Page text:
Vale Dane Kealoha
A rash of premature announcements about Dane Kealoha’s death haven’t been entirely inaccurate with the Hawaiian today succumbing to colon cancer.
Kealoha was raised at Waikiki on Hawaii’s South Shore, a protege of Larry Bertleman’s small wave acrobatics, however he successfully adopted his act to the big waves of the North Shore and in so doing became one of Hawaii’s earliest travelling pros.
In 1977, the second year of the IPS - as the ASP and later WSL were first known - Kealoha finished 20th after competing just half the season. From 1978 onwards Kealoha climbed the rankings finishing ninth, fourth, and then a career-high second, after Mark Richards, in 1980.
In 1983, at the height of his physical powers, Kealoha fell foul of surf politics when Ian Cairns and his newly-formed ASP made a bid to overthrow the IPS. As the IPS was led by Hawaiian Fred Hemmings they still controlled the three Hawaiian contests. Cairns and the ASP made an ultimatum: “If anyone surfs in the Hawaii contests they get fined and lose their rankings.”
Showing a level of disregard akin to another Dane - Reynolds of course - Kealoha surfed in the events, won two of them, and was promptly blackballed by the new administrators of pro surfing. Rather than pay the fine and work his way back, Kealoha bid farewell to pro surfing and began a career in surf retail - he opened a few Quiksilver and Roxy stores, plus ran a surf school - and set about consolidating his place at the top of Backdoor Pipeline’s pecking order.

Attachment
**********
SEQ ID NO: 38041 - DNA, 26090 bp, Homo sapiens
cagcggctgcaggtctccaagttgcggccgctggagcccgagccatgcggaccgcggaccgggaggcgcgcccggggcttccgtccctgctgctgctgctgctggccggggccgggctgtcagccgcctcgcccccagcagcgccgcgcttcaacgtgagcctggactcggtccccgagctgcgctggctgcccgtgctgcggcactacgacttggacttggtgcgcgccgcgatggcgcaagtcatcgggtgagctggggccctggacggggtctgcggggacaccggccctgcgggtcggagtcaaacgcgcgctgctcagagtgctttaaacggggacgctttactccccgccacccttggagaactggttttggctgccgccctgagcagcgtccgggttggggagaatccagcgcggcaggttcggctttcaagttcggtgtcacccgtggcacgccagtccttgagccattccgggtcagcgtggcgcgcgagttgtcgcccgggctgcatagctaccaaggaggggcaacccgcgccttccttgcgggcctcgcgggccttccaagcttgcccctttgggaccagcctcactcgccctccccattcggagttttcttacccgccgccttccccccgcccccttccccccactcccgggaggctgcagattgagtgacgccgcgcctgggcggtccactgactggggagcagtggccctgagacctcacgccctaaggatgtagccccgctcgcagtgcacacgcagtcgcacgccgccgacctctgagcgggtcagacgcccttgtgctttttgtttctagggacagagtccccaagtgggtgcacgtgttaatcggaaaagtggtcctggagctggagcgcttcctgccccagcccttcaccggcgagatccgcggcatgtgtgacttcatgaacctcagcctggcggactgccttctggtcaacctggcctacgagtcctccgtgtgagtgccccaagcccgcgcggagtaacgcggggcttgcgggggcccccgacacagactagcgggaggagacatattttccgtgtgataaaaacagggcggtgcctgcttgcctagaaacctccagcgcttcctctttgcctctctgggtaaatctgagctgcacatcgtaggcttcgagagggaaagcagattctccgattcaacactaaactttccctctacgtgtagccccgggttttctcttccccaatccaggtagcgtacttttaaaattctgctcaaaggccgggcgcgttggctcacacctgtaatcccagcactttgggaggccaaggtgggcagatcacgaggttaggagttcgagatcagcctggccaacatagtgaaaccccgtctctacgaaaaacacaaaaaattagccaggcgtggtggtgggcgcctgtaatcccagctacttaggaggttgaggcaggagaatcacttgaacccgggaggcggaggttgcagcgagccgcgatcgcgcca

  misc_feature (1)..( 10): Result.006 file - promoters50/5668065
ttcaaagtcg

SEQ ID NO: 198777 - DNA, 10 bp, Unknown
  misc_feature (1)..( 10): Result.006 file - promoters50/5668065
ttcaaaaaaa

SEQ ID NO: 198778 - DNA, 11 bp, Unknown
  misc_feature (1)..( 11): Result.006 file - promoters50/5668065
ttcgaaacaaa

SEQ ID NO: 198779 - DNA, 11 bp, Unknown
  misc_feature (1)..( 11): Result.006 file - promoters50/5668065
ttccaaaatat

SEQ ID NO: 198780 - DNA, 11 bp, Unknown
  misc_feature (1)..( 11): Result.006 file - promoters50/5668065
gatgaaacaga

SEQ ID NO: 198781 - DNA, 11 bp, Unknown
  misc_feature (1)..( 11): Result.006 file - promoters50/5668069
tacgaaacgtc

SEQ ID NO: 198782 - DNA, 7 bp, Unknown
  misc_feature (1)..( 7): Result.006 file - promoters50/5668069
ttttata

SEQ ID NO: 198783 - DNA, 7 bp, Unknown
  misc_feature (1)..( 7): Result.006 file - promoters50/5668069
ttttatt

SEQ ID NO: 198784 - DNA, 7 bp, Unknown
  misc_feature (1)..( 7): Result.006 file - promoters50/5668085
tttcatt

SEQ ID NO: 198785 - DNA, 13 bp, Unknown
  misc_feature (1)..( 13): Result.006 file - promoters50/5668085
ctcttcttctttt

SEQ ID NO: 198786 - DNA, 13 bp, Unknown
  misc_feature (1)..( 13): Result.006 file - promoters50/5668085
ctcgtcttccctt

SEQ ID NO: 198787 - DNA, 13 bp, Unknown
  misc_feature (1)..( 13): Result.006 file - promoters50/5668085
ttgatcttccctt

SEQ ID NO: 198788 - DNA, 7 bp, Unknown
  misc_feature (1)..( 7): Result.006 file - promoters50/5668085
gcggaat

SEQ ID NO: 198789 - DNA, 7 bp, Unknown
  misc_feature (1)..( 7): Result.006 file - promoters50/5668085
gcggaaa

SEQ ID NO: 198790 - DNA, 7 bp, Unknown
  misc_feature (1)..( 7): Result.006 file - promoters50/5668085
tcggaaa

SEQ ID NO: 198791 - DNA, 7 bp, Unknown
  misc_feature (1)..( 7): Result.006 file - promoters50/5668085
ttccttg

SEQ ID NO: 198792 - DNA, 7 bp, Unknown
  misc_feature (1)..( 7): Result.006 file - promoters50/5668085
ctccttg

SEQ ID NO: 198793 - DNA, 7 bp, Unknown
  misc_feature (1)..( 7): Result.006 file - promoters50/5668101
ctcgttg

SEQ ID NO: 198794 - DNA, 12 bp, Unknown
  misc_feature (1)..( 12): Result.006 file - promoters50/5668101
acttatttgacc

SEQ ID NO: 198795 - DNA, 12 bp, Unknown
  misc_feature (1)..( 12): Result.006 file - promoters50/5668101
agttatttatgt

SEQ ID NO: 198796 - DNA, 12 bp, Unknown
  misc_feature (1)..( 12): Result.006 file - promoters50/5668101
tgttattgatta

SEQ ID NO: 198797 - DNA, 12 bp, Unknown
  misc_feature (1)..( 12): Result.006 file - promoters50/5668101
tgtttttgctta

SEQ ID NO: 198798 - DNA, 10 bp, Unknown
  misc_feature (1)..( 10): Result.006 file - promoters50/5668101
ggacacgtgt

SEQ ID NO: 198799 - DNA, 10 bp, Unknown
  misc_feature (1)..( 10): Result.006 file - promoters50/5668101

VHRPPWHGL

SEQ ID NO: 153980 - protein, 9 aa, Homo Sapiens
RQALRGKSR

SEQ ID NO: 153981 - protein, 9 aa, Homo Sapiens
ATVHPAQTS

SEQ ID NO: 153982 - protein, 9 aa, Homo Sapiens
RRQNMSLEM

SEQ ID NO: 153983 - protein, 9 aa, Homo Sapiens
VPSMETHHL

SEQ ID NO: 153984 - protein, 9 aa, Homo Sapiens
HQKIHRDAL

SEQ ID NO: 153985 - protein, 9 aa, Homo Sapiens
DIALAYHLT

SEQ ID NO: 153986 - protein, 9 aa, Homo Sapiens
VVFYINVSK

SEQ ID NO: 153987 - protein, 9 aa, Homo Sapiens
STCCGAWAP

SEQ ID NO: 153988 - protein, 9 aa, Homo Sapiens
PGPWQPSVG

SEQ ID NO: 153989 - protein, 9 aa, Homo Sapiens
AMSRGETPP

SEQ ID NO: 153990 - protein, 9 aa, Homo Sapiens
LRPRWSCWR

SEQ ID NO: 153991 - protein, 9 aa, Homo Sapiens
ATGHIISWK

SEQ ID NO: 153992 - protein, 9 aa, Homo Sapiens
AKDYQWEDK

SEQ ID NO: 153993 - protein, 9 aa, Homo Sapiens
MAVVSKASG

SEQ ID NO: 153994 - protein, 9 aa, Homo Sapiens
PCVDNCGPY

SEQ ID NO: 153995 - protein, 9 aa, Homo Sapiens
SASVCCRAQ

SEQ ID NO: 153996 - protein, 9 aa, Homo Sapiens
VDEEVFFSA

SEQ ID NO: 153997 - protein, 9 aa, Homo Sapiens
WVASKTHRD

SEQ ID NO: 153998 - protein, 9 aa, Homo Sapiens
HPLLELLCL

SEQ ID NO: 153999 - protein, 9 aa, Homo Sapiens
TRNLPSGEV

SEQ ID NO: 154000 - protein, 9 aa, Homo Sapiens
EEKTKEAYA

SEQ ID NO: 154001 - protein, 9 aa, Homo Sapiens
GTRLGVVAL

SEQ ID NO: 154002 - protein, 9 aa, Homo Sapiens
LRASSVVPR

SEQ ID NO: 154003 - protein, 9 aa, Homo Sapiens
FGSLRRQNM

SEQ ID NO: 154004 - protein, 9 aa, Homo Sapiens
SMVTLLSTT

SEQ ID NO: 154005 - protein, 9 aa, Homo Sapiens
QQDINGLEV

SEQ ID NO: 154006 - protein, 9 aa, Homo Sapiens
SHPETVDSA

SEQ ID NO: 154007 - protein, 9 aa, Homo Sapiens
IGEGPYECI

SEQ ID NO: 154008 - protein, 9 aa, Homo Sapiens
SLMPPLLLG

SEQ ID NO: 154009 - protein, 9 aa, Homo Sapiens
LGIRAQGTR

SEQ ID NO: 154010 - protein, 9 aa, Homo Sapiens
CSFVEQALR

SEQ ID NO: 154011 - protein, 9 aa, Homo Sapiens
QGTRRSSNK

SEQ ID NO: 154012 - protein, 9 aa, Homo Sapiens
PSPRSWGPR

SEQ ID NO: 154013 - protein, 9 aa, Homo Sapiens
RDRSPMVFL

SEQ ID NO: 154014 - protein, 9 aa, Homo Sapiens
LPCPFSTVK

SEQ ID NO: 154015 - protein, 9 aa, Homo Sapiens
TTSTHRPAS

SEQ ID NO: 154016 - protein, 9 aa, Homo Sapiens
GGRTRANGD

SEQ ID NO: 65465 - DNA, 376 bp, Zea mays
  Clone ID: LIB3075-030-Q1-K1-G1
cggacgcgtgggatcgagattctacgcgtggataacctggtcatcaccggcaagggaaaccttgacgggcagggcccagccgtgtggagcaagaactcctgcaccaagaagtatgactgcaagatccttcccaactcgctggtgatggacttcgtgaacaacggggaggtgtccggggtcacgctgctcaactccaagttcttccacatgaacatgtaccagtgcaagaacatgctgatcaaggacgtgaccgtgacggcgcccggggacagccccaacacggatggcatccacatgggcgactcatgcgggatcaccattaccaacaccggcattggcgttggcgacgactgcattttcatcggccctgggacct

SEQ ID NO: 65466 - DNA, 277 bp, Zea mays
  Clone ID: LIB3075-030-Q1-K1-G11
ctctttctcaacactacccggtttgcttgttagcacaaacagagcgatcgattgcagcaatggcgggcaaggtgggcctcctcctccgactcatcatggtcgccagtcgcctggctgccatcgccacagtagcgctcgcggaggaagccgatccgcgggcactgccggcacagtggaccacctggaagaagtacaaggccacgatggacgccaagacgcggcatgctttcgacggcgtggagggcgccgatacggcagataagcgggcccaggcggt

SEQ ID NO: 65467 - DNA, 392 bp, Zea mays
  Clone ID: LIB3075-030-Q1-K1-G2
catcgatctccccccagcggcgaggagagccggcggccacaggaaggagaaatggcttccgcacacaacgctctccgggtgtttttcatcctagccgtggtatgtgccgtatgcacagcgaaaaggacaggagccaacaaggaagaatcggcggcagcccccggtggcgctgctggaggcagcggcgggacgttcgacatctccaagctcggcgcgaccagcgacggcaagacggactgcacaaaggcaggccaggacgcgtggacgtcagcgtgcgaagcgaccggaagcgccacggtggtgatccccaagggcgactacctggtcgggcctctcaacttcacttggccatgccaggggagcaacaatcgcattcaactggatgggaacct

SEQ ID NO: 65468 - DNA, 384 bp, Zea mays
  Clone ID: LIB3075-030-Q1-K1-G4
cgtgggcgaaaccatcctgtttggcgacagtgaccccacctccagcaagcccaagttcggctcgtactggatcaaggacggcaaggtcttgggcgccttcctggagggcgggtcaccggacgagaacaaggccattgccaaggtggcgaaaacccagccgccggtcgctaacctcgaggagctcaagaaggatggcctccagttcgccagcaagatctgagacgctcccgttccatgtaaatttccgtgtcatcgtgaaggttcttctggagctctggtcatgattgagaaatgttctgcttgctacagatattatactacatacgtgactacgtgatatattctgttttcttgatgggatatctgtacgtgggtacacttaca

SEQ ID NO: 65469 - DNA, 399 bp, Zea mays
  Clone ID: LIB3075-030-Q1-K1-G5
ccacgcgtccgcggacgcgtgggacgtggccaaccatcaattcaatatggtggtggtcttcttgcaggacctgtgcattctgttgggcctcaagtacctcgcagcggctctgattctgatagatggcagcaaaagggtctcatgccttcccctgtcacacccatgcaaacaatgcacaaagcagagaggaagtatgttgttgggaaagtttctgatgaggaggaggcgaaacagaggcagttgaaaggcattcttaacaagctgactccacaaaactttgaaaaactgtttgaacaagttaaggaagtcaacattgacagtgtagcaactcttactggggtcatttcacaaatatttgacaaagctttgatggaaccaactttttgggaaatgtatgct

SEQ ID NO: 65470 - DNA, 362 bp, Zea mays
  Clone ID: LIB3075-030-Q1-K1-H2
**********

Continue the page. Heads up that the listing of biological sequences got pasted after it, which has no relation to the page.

With his squat power stance, Kealoha successfully converted from single fins to the Thruster. Almost immediately, his Hawaiian quiver included three fins, unlike some surfers who held out with single fins and traditional planshapes. Though the Thruster didn’t require weight shifts like the single, Kealoha was fond of a quick shuffle amidships, usually after the bottom turn and before the curtain fell. His was an often-imitated style.
Though fellow countryman Michael Ho is generally regarded as the godfather of grab rail tube riding - so strikingly employed with a plaster cast at the ‘81 Pipe Masters - photographic evidence from even earlier shows Kealoha assuming proto versions of the same stance.
By 1983, the year Kealoha won the Pipeline Masters, and also the year he was booted off tour, the technique had been sharpened to such a degree that natural footers had finally realised Shaun Tomson’s vision of deep barrel riding at Pipeline. Kealoha beat another natural footer, Michael Ho, in the final.
In both his style in heavy waves and his disdain for playing the game, Kealoha deeply influenced the next generations of Hawaiians, including Johnny Boy Gomes and Sunny Garcia. He was also widely respected for his indifference to professional surfing, in much the same way that Wayne Lynch is in Australia.
Kealoha was 64-years old. He’s survived by four sons, three daughters, and two grandchildren.
Moe i ka maluhia.
Rest in peace.